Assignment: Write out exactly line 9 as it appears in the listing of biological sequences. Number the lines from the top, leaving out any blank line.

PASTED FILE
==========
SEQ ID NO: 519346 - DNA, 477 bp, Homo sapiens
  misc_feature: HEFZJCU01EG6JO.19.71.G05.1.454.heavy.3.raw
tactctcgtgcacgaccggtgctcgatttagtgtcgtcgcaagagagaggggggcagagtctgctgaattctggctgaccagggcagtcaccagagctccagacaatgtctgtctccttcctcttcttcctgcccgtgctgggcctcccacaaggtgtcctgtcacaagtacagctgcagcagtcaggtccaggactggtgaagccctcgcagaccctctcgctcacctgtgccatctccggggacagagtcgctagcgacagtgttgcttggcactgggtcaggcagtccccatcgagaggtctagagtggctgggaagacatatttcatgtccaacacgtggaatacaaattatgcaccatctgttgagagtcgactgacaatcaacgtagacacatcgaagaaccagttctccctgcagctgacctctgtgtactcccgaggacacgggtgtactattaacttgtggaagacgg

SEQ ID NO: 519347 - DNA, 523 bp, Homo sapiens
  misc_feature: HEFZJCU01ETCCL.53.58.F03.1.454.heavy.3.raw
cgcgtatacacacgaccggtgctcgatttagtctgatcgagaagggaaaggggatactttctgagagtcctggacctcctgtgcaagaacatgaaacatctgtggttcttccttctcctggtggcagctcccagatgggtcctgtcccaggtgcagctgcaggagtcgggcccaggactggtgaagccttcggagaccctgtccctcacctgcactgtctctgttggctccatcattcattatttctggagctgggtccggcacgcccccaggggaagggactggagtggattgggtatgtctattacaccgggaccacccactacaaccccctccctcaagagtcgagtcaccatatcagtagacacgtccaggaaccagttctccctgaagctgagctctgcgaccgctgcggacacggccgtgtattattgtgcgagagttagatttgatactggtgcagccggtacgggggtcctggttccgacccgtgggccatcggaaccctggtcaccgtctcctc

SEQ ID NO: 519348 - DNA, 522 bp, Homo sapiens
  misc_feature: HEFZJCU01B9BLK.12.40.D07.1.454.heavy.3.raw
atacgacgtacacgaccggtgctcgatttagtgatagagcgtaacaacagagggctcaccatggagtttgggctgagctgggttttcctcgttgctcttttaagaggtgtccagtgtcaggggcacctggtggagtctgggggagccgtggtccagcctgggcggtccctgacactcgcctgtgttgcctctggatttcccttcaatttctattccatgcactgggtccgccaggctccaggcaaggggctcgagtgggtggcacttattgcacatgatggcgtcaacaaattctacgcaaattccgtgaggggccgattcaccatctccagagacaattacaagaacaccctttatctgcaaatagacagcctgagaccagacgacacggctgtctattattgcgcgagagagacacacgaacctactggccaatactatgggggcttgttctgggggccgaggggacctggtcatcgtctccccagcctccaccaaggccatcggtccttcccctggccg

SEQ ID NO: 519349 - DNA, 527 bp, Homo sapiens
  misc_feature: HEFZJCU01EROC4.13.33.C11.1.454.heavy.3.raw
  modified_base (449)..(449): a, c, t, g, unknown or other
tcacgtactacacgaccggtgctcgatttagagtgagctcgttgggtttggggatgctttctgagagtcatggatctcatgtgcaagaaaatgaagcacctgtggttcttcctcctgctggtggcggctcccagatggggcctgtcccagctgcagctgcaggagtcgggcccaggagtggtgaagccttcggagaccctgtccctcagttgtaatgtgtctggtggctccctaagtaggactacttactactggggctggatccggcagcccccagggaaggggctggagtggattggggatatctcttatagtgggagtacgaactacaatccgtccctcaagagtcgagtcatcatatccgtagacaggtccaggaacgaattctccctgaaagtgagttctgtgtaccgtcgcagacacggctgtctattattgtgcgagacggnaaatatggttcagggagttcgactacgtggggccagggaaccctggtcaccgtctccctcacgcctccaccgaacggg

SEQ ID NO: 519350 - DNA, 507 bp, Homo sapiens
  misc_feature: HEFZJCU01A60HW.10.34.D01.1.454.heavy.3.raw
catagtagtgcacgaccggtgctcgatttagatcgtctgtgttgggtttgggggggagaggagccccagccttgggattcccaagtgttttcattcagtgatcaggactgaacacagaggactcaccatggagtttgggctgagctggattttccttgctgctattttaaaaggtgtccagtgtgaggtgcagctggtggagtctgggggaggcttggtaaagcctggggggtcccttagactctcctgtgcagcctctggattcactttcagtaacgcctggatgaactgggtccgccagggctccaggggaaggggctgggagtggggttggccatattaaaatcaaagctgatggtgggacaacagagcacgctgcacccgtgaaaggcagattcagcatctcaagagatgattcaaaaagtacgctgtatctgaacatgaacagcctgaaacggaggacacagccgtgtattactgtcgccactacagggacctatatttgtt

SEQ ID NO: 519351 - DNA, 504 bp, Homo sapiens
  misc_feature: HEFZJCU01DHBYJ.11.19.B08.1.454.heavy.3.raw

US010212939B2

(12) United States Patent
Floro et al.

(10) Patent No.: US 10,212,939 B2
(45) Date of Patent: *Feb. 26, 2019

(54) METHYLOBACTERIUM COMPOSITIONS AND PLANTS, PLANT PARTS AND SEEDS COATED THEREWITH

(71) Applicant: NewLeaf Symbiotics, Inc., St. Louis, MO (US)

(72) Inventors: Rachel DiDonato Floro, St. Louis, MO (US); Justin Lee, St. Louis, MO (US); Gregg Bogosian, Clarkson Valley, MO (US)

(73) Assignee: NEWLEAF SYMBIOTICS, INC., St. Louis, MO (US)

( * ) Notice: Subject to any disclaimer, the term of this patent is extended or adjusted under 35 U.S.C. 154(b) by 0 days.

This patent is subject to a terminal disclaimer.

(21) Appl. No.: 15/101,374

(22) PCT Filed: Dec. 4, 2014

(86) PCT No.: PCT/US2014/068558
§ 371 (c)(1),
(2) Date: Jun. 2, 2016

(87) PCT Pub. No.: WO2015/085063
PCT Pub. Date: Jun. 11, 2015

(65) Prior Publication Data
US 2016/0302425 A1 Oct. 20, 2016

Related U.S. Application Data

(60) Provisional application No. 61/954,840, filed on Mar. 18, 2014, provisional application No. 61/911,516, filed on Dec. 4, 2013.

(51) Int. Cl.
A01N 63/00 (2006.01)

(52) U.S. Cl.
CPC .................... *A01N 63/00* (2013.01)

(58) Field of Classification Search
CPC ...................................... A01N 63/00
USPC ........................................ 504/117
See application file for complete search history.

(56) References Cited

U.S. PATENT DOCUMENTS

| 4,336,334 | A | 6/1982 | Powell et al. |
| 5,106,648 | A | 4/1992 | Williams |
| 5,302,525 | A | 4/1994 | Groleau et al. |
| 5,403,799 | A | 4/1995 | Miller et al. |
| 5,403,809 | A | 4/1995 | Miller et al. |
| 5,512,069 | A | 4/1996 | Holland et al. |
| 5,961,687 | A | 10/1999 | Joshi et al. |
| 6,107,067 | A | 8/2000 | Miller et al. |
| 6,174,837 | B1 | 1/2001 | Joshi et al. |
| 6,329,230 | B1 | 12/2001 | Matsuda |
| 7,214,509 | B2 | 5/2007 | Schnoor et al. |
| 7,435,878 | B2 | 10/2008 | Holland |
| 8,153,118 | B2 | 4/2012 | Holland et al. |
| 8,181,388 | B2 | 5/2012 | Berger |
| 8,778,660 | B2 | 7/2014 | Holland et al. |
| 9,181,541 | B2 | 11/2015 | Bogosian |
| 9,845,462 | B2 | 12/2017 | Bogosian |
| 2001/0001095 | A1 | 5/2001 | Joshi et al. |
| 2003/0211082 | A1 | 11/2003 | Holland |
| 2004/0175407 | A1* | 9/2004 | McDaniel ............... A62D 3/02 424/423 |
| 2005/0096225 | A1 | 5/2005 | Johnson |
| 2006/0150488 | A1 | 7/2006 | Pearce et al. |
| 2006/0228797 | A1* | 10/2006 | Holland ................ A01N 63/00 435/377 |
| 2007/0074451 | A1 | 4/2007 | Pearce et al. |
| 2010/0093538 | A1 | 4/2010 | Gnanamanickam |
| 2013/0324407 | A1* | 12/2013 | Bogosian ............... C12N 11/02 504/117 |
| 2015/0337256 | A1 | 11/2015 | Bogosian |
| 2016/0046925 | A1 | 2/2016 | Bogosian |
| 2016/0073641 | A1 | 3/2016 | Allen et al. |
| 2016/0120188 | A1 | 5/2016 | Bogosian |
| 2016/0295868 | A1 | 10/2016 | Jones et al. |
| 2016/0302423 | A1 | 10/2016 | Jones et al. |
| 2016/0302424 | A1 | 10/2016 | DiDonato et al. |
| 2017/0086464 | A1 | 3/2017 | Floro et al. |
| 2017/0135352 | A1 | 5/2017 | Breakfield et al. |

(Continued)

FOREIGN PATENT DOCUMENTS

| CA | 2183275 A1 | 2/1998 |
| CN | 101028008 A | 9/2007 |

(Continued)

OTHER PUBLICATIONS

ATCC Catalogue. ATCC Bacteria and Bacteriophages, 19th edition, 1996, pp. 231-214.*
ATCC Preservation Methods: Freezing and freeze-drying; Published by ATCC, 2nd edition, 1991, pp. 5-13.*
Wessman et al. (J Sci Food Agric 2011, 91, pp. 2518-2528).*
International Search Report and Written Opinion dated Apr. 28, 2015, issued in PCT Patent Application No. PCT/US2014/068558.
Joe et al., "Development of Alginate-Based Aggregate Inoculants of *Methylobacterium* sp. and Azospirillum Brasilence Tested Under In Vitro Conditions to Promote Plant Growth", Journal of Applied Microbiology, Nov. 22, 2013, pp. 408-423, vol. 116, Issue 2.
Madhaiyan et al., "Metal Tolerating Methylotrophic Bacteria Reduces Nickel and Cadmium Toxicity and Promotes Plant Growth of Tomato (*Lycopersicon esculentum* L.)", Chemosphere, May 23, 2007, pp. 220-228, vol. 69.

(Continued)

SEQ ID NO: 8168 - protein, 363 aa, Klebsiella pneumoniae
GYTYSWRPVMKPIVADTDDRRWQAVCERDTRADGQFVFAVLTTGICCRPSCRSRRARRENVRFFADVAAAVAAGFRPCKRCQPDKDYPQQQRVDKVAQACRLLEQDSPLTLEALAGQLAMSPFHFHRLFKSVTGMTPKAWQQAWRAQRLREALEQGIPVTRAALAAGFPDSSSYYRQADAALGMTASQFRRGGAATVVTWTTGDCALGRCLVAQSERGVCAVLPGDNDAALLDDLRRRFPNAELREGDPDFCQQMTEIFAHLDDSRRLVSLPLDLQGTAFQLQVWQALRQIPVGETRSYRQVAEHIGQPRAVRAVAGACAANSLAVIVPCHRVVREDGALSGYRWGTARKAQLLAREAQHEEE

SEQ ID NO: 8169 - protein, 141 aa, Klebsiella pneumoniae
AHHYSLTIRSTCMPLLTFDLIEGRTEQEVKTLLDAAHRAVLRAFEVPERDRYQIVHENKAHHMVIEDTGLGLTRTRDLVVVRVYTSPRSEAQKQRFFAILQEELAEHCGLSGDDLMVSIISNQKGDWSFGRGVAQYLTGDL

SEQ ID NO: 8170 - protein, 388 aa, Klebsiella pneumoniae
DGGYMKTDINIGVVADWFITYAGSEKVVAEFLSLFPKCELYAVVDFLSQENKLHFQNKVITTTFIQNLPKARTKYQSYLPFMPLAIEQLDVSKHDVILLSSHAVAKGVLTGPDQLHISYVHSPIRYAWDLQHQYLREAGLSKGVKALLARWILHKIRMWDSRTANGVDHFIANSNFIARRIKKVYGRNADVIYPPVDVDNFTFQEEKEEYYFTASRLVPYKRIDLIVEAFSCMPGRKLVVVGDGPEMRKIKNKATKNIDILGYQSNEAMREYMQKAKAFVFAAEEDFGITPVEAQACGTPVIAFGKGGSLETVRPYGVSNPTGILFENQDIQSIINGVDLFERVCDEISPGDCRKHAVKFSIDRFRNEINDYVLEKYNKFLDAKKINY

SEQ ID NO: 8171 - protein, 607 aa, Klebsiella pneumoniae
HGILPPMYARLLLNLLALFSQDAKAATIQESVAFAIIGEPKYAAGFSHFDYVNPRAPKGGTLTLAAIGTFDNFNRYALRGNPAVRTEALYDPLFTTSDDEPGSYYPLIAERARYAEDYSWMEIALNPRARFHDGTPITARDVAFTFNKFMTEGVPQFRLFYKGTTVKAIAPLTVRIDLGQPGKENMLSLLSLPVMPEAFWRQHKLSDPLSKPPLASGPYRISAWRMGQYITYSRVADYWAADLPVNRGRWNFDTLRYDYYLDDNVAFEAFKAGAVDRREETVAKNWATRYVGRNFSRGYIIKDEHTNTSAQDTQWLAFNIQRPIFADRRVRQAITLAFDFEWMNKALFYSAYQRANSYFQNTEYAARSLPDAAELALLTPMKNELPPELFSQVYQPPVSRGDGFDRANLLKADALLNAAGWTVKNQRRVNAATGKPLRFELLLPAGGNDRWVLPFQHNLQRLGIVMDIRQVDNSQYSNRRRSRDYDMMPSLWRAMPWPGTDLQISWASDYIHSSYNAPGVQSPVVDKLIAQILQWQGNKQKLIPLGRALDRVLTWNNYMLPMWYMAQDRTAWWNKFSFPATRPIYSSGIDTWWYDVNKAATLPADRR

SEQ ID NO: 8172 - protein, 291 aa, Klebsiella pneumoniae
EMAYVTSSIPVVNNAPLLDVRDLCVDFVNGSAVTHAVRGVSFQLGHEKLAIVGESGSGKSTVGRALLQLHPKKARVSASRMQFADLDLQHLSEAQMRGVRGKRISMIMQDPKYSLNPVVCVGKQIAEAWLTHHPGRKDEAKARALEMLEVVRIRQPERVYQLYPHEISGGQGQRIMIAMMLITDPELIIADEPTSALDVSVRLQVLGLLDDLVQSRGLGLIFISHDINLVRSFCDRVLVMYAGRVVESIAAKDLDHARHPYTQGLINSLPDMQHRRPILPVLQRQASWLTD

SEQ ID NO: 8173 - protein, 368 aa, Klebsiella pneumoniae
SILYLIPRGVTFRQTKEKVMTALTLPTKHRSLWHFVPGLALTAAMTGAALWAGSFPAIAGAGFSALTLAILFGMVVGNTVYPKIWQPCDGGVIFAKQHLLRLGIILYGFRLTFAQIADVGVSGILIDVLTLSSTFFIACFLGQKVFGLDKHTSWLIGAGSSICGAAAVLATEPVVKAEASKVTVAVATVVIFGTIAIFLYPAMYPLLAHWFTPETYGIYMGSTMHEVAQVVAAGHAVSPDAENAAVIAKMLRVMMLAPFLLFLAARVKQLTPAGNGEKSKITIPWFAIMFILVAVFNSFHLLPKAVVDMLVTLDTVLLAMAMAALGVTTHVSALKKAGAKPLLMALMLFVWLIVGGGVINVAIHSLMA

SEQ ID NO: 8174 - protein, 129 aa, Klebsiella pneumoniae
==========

atacgacgtacacgaccggtgctcgatttagtgatagagcgtaacaacagagggctcaccatggagtttgggctgagctgggttttcctcgttgctcttttaagaggtgtccagtgtcaggggcacctggtggagtctgggggagccgtggtccagcctgggcggtccctgacactcgcctgtgttgcctctggatttcccttcaatttctattccatgcactgggtccgccaggctccaggcaaggggctcgagtgggtggcacttattgcacatgatggcgtcaacaaattctacgcaaattccgtgaggggccgattcaccatctccagagacaattacaagaacaccctttatctgcaaatagacagcctgagaccagacgacacggctgtctattattgcgcgagagagacacacgaacctactggccaatactatgggggcttgttctgggggccgaggggacctggtcatcgtctccccagcctccaccaaggccatcggtccttcccctggccg